MILAN — Ferrari maintained stable profitability before the supercar maker installs an executive little known within the auto industry to raise the company’s game in electrification and software.
Adjusted earnings before interest, taxes, depreciation and amortization rose to 386 million euros ($459 million) during the second quarter, up from 124 million euros a year earlier, Ferrari said Monday.
Shipments during the quarter almost doubled from a year ago to 2,685 units, and were almost flat compared to 2019, before coronavirus lockdowns hit.
Ferrari increased its industrial free cash flow guidance to around 450 million euros this year, up from its previous forecast of around 350 million euros.
But it left forecasts for net revenues and earnings unchanged, despite saying earlier this year it was “confident” of reaching the top end of its 2021 guidance.
Ferrari has been slow to embrace electrification, and the carmaker’s hesitancy has started to catch up with the performance of its stock after years of outperforming rivals.
The company has picked industry outsider Benedetto Vigna as its new CEO to put Ferrari on course for the era of battery technology and digital services. The 52-year-old will join from chipmaker STMicroelectronics in September.
At STMicro, Vigna led the chipmaker’s division that supplies key sensors used in Apple’s iPhone and carmakers’ navigation systems, counting the world’s biggest auto supplier Robert Bosch as a customer.
Among his priorities will be balancing the desires of longtime Ferrari fans in awe of roaring combustion engines and a younger clientele keen for industry-leading technologies of the battery age.
Ferrari shares have declined about 3 percent this year, giving the company a market value of roughly 34 billion euros. The stock is the second-worst performer among carmakers in the Stoxx 600 Automobiles & Parts index this year after ranking at the top each of the last three years.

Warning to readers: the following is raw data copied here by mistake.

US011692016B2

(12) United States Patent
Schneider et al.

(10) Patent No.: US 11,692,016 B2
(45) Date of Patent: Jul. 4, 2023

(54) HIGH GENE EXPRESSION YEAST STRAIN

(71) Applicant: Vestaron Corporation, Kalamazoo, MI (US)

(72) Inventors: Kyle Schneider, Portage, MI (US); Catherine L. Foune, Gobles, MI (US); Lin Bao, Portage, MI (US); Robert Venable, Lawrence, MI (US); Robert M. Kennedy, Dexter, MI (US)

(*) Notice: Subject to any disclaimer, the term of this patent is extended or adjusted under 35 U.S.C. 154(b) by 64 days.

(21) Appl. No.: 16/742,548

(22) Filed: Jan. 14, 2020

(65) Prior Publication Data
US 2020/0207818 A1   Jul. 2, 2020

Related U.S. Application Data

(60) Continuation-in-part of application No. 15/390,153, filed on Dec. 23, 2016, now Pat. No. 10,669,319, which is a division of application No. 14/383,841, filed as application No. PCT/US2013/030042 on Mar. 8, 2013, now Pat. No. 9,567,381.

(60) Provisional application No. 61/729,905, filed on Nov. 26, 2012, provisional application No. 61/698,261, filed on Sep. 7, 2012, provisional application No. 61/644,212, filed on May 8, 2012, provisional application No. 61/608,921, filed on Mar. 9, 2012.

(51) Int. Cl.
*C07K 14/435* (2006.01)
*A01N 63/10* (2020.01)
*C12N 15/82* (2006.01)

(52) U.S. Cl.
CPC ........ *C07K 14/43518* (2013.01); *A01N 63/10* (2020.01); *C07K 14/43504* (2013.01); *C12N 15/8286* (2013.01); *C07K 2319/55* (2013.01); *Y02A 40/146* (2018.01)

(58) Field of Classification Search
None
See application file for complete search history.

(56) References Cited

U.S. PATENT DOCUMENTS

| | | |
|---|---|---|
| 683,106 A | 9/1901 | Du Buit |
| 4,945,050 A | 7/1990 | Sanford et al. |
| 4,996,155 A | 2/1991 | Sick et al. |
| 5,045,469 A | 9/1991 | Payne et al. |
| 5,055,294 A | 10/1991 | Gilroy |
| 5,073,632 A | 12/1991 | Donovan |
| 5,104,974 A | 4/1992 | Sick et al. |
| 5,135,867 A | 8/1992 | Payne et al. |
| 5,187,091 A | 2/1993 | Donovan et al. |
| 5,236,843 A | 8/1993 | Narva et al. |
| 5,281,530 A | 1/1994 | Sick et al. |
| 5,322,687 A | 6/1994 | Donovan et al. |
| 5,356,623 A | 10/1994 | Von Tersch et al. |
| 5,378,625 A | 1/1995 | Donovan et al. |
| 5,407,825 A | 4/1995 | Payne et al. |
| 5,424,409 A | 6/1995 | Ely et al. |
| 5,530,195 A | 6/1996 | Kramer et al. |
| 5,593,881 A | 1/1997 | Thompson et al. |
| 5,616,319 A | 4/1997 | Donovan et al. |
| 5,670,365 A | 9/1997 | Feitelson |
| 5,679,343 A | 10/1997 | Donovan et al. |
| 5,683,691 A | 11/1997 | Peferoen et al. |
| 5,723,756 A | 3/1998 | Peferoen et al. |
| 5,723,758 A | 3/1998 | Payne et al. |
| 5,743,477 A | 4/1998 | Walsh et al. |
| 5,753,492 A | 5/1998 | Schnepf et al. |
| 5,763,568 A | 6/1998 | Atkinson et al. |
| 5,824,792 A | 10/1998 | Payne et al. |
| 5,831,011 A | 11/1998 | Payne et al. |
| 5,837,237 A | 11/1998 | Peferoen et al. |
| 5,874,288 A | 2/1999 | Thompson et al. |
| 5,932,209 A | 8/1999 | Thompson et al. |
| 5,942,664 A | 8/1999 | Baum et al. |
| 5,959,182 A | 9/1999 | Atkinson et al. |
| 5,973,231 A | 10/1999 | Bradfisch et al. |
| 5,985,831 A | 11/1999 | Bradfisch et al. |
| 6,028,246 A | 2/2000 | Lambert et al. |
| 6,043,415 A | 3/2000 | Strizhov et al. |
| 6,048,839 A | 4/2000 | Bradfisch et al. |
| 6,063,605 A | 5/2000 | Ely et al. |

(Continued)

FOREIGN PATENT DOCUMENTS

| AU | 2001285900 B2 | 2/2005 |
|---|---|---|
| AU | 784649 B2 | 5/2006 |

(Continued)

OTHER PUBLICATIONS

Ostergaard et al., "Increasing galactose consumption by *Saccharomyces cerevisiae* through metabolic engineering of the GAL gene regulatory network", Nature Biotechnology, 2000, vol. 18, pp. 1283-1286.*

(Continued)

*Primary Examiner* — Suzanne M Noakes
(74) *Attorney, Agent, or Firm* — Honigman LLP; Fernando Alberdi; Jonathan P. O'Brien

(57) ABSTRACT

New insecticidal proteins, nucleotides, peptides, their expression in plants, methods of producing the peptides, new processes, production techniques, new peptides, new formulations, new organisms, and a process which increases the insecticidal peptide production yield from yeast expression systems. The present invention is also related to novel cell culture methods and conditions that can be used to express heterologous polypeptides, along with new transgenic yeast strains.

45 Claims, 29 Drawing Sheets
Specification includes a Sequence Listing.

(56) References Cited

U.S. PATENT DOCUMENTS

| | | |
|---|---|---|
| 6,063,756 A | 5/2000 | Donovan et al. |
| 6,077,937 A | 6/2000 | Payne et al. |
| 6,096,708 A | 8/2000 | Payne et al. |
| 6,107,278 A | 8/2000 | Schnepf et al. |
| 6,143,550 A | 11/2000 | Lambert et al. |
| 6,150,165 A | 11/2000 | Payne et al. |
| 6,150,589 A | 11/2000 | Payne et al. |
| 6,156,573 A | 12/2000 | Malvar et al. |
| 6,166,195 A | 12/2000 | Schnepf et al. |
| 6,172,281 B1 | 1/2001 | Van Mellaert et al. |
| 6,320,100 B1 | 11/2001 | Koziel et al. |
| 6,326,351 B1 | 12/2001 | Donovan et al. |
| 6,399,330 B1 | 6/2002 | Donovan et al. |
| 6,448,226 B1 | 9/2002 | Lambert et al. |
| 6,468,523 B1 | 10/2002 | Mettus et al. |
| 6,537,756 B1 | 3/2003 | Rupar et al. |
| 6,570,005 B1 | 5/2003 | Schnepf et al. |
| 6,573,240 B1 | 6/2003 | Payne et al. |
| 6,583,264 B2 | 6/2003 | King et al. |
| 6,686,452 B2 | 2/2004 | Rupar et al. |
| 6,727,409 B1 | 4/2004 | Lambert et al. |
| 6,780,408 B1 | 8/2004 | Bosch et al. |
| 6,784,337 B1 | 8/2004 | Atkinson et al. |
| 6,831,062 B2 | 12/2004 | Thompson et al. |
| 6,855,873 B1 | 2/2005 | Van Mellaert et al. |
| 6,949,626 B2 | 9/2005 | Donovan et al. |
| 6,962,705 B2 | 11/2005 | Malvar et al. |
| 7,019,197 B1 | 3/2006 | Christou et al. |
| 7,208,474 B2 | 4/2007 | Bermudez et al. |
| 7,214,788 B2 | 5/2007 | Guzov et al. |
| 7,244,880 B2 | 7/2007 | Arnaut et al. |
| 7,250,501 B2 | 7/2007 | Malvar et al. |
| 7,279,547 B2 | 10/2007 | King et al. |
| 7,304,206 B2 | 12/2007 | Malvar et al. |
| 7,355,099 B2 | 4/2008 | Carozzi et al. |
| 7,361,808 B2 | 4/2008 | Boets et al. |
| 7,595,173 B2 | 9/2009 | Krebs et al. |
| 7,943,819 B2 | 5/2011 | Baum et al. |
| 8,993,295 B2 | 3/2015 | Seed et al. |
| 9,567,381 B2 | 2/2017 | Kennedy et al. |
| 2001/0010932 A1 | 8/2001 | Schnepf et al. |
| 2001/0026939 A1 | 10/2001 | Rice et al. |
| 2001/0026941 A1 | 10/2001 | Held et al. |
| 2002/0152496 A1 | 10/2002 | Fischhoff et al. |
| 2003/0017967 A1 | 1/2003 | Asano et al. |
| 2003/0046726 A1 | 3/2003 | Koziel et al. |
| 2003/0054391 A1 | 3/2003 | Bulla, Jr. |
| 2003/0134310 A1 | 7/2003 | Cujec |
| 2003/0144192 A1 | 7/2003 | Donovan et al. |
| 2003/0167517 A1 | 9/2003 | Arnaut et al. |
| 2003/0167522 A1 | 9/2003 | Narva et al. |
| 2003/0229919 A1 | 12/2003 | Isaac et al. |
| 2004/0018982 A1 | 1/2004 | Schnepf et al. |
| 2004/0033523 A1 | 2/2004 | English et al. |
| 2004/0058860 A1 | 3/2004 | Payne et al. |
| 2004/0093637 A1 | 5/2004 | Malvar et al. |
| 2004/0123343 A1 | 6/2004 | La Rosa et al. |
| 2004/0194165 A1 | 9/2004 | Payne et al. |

Ferrari will unveil its first vehicle that runs entirely on batteries in 2025, Chairman John Elkann said earlier this year, lagging Porsche’s popular Taycan that has been on the road since 2019.
Ferrari will share more details on its plans during a capital markets day next year.
The company will also start sales of its first SUV, the Purosangue, in 2022 — years after the Bentley Bentayga and the Lamborghini Urus.
In June, Ferrari unveiled its second plug-in hybrid, the 296 GTB, though many analysts still consider the pace of electrification to be too slow.
Elkann, Ferrari’s chairman, acting CEO and leader of the billionaire Agnelli clan, has a successful history hiring surprise candidates.
In 2004, he tapped Sergio Marchionne to join Fiat and Ferrari from SGS, a Geneva-based product-testing company. Marchionne successfully transformed Fiat and eventually combined it with Chrysler.
Louis Camilleri, Ferrari’s former CEO, was also an outsider having previously worked for cigarette maker Philip Morris International.
Reuters contributed to this report